Marcus Smart returns.
Oklahoma State resets.
That's the plan anyway. Starting Saturday afternoon against Texas Tech, the Cowboys have two weeks to save their basketball season. Break this losing streak that started long before Smart got suspended, win at least four of five games, and they have a great chance of getting into the NCAA Tournament.
And if they get there, who knows? Anything can happen.
But the Cowboys aren't the only ones hitting the reset button. The incident at Texas Tech that started with a fan making an unseemly comment and ended with the shove seen round the world has given everyone reason to pause, look in the mirror and reflect on their behavior.
Good has come from the bad.
Because what happened that night in Lubbock was bad. What Texas Tech fan Jeff Orr said to Smart. What Smart did to Orr. All of it turned your stomach.
Orr has said that he called Smart a “piece of crap”. Whether that's what Orr actually said, I have no idea. I've watched the videos that are floating around the Internet, and I can't make out anything. But even if that was the totality of what he said, that's still ugly.
A 52-year-old man telling a 19-year-old college student that he's a piece of crap?
Orr is an air traffic controller who presumably holds thousands of lives in his hands every time he goes to work. He doesn't have to act at basketball games like he acts in the control tower, but surely he now understands why it's unseemly for him to have said what he did.
Maybe others are realizing the same thing about the way that they act at games.
Fan behavior is being emphasized. Schools are being proactive. We've seen it around the Big 12 and even in other parts of the country.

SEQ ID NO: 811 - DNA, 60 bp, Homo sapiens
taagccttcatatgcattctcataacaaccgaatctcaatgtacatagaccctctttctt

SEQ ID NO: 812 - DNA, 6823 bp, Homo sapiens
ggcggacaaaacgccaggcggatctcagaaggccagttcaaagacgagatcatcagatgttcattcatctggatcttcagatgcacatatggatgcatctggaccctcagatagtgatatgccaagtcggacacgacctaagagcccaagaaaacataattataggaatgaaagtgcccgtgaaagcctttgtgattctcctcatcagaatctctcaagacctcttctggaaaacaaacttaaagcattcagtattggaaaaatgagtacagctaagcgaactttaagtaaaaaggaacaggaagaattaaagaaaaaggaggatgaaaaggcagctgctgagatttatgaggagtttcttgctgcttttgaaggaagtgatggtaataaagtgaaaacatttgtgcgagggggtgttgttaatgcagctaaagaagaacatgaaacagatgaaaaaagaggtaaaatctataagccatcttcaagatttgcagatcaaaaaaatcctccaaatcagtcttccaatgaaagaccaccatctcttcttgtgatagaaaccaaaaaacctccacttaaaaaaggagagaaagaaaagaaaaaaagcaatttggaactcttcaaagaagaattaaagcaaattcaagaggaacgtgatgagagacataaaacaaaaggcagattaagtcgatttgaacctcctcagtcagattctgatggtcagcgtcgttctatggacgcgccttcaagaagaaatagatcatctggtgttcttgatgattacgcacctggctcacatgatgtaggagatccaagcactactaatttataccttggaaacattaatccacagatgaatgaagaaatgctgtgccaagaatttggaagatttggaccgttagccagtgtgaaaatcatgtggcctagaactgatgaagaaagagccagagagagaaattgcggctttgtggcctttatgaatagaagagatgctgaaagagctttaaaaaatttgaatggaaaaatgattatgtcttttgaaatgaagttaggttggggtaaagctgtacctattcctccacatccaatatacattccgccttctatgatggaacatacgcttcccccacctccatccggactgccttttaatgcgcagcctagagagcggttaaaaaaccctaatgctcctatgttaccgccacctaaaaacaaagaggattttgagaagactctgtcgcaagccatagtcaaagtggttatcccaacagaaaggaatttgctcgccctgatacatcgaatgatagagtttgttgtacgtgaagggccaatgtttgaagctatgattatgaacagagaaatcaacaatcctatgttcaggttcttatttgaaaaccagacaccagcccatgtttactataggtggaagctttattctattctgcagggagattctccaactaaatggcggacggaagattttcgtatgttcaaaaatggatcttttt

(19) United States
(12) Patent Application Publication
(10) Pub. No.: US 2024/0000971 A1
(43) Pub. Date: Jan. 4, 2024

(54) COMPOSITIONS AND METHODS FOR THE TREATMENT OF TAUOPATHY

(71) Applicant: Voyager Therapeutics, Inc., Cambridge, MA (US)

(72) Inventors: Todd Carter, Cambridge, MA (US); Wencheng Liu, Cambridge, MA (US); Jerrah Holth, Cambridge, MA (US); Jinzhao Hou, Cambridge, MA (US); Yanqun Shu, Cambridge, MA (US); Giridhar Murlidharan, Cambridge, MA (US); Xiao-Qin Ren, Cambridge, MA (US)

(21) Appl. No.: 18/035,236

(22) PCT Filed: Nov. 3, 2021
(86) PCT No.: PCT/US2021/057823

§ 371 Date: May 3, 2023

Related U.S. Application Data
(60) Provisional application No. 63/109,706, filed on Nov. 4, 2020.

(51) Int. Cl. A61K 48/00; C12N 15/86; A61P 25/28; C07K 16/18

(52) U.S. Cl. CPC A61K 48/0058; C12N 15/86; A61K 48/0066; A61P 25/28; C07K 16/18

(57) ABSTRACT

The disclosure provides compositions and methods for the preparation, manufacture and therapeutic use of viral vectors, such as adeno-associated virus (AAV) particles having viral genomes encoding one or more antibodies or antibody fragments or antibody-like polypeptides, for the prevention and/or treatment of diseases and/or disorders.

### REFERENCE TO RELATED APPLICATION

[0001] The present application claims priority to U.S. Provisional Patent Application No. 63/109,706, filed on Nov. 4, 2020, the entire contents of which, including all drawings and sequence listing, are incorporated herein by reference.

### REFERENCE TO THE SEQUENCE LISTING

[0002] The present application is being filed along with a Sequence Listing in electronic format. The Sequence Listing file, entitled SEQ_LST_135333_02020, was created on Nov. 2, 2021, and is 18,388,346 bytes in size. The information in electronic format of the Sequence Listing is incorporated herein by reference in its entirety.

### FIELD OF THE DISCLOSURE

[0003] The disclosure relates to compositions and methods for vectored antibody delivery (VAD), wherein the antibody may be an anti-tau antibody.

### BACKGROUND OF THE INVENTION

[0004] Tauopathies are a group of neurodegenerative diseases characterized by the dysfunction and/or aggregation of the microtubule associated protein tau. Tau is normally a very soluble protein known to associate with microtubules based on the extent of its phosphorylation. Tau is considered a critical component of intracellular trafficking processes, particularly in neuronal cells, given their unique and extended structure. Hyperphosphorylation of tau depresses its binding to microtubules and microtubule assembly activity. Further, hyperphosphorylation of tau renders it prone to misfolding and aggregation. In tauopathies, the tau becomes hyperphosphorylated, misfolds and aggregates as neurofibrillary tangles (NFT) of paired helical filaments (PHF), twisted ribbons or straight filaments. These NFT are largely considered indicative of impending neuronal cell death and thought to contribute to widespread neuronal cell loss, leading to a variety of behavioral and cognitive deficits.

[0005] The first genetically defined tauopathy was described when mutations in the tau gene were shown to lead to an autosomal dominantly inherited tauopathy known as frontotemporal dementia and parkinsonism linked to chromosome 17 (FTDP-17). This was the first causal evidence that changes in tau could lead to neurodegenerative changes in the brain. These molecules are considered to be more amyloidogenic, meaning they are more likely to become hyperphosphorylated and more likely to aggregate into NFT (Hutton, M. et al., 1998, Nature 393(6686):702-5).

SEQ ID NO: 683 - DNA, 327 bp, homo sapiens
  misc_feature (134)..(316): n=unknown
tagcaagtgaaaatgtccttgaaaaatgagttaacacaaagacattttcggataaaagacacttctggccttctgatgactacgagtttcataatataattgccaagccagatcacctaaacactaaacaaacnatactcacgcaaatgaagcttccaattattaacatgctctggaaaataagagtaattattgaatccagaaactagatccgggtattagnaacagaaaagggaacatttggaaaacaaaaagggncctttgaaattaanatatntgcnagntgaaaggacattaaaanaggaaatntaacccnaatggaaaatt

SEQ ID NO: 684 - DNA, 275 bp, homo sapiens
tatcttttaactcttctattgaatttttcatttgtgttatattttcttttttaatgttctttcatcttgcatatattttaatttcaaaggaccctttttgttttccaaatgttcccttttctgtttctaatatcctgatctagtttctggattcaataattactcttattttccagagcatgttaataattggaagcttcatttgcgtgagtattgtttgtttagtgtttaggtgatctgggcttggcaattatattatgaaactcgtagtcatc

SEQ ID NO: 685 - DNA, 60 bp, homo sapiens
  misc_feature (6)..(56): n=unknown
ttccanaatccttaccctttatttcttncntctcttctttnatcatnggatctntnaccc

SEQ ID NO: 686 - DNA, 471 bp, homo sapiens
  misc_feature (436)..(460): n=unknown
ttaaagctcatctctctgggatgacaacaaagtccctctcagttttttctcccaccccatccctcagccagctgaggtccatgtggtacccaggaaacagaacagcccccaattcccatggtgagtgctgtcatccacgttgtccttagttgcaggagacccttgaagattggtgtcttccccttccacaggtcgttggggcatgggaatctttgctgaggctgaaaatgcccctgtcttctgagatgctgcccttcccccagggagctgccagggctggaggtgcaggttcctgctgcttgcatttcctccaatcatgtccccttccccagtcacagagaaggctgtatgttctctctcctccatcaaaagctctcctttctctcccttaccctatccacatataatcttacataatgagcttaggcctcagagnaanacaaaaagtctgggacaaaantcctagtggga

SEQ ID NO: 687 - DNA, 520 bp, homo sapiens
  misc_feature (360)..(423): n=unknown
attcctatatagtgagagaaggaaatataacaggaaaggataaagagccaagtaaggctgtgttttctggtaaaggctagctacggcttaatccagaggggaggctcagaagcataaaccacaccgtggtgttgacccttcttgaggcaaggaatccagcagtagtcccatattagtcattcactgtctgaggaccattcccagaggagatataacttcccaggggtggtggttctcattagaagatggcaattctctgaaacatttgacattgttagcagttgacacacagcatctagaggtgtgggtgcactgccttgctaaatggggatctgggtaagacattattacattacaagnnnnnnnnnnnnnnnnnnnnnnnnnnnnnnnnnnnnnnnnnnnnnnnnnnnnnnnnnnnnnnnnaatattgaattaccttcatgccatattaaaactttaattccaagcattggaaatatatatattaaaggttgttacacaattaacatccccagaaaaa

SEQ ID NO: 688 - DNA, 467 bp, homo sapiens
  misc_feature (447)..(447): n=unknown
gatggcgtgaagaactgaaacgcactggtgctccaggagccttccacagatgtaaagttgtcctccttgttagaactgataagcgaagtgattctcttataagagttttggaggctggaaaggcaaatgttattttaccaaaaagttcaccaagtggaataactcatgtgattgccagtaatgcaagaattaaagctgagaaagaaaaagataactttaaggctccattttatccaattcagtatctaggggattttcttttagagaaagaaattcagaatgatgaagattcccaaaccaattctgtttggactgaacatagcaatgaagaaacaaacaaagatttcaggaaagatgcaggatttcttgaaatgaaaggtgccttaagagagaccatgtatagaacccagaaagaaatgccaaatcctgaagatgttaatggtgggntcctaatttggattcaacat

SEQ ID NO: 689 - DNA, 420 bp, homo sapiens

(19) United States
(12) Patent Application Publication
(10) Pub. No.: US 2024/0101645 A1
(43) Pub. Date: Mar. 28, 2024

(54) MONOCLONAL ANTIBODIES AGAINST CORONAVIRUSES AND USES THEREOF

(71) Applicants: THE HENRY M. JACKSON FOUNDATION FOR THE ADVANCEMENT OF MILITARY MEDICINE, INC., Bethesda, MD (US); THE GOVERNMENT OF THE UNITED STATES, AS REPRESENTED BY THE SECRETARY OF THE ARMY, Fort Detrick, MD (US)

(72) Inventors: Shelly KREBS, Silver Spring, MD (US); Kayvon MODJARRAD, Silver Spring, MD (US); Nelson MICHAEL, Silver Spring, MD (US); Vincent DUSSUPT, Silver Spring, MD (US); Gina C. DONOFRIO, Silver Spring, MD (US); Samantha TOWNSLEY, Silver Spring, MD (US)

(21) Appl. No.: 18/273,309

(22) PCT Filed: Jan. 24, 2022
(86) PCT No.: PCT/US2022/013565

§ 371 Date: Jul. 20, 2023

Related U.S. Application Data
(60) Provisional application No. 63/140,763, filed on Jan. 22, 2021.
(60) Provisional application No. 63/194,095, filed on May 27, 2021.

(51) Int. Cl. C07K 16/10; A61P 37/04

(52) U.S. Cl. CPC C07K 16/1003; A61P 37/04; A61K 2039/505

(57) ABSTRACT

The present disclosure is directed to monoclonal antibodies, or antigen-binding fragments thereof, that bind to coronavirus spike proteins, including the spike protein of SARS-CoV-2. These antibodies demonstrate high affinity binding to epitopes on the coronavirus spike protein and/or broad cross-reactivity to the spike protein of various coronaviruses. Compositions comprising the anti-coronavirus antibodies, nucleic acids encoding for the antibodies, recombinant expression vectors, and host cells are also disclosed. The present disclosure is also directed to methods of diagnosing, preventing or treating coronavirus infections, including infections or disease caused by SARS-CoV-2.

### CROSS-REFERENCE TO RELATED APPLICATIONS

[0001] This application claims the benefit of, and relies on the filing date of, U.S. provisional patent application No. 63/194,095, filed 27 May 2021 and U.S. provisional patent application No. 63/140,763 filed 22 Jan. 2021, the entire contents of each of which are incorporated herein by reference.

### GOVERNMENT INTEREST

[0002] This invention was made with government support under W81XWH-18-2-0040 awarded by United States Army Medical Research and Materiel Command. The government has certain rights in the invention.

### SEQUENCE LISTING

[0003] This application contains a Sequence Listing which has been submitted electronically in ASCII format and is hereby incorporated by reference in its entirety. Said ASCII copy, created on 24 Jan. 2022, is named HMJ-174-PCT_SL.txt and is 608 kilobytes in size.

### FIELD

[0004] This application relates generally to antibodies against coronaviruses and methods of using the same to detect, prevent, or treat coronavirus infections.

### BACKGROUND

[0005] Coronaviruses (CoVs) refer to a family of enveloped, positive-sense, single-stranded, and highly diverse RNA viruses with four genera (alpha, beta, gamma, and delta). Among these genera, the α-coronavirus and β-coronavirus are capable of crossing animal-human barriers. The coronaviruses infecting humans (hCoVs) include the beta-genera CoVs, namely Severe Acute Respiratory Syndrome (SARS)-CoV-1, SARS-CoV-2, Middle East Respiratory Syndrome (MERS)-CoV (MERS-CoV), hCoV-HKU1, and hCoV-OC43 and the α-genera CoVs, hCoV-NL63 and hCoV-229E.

The Wednesday after the Smart incident, officials calling Memphis-Central Florida ejected a fan sitting in some nice seats but saying some not-so-nice things. Romeo Khazen is a Memphis megabooster, a casino bigwig, and apparently, he didn't like the way UCF was clogging the lane and let the officials know about it.
Somewhere along the line, Khazen stepped over the line.
Longtime official Jim Burr had enough and booted him. But when an arena security guard told Khazen to go, he wasn't interested in leaving. The guard had to call over other security staff to help him. Finally, four security guards compelled Khazen to leave — but not before he had a few more choice words for Burr.
That same night, Oklahoma played at home, and every Sooner fan sitting courtside found a letter in their seat when they arrived. It reminded them that officials can call an “indirect technical foul” and request a fan's removal for the use of profanity, racial slurs or threatening language.
Then before the game, a fan code of conduct was flashed on the scoreboard's big screen.
Frankly, that's the kind of thing every school should do regularly. Nightly seems unnecessary, but three or four times a season would be appropriate. Just remind fans about what's expected of them.
Because the truth is, more fans, not less, are going to be sitting close to the court in coming years. There's money to be made in those seats, and schools are going to do everything to make the most of that real estate.
So, fans must behave. You can support your team. You can be loud and proud. And you can do those things without being ugly.
A big orange and black reset button is being hit Saturday in Stillwater, but hopefully, fans everywhere are hitting one, too.
Jenni Carlson: Jenni Carlson can be reached at 475-4125. Like her at facebook.com/JenniCarlsonOK, follow her at twitter.com/jennicarlson_ok or view her personality page at newsok.com/jennicarlson.